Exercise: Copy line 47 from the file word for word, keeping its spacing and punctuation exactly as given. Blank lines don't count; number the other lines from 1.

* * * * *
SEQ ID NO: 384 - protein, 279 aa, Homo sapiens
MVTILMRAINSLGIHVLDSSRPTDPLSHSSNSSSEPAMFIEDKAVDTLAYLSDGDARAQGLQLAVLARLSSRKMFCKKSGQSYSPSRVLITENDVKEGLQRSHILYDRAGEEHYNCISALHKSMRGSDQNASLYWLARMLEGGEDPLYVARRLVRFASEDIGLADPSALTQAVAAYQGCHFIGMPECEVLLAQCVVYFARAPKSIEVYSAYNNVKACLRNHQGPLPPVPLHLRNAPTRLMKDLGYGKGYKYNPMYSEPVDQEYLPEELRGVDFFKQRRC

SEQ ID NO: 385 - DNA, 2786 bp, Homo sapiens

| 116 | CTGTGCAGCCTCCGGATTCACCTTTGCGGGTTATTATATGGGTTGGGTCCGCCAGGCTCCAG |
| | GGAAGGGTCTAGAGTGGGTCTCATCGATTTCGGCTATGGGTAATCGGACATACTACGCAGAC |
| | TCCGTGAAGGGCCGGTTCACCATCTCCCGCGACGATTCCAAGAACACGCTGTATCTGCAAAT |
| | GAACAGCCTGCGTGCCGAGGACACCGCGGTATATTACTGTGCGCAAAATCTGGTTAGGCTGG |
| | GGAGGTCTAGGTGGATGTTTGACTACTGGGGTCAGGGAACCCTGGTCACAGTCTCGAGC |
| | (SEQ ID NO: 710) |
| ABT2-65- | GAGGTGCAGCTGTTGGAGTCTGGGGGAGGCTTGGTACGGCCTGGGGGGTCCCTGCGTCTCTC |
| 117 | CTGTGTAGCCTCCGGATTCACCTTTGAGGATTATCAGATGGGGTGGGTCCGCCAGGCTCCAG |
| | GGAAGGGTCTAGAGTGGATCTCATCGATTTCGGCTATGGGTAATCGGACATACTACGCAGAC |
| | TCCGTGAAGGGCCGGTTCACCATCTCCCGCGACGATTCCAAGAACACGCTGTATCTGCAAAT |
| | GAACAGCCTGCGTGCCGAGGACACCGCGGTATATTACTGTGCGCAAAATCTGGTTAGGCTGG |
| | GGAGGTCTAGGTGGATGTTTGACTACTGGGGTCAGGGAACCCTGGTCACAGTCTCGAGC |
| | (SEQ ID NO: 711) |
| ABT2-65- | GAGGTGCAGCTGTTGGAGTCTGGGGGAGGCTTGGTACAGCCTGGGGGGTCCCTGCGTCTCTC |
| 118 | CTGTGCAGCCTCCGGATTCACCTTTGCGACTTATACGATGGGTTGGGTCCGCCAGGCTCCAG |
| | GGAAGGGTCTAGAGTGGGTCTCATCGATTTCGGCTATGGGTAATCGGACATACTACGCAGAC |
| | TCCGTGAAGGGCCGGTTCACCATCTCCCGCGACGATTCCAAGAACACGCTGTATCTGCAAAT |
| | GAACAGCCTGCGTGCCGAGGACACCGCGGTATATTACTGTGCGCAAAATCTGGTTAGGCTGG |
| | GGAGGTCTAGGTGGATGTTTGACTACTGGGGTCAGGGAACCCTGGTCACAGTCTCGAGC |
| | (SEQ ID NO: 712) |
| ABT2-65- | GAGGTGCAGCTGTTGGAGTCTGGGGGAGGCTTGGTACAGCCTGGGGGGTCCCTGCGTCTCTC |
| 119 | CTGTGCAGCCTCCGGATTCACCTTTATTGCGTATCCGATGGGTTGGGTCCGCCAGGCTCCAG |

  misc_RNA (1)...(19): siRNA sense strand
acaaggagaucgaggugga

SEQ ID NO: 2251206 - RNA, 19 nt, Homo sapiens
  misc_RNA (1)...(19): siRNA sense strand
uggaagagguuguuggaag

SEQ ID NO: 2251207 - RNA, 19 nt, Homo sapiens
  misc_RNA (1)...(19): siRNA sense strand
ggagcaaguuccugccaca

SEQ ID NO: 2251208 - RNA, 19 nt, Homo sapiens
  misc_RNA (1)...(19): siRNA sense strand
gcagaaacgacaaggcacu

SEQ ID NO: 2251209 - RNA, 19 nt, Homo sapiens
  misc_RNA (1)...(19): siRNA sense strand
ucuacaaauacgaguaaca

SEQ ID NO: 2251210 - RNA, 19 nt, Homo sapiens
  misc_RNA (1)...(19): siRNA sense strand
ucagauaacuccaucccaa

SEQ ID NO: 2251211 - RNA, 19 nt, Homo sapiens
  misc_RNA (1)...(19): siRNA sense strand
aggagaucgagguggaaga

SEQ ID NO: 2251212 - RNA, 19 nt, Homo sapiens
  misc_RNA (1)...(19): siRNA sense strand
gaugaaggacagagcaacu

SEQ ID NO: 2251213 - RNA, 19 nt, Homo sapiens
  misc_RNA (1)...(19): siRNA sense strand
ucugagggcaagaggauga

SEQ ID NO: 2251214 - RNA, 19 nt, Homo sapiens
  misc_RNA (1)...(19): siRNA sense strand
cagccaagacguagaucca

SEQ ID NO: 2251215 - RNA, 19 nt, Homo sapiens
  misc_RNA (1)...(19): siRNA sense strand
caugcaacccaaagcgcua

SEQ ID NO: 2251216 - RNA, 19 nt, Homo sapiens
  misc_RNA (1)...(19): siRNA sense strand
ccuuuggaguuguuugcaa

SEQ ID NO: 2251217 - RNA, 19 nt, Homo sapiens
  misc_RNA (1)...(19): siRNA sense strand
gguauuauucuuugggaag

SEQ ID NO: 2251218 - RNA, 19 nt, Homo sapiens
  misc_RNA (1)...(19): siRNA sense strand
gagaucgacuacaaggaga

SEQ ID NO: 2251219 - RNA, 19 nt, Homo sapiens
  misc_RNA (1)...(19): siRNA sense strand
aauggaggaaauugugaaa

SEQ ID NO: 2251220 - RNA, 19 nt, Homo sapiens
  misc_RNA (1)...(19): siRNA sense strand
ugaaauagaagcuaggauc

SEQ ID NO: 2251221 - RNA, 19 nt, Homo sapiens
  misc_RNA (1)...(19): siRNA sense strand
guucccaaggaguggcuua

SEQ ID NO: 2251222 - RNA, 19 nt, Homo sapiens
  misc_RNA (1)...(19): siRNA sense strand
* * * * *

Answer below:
  misc_RNA (1)...(19): siRNA sense strand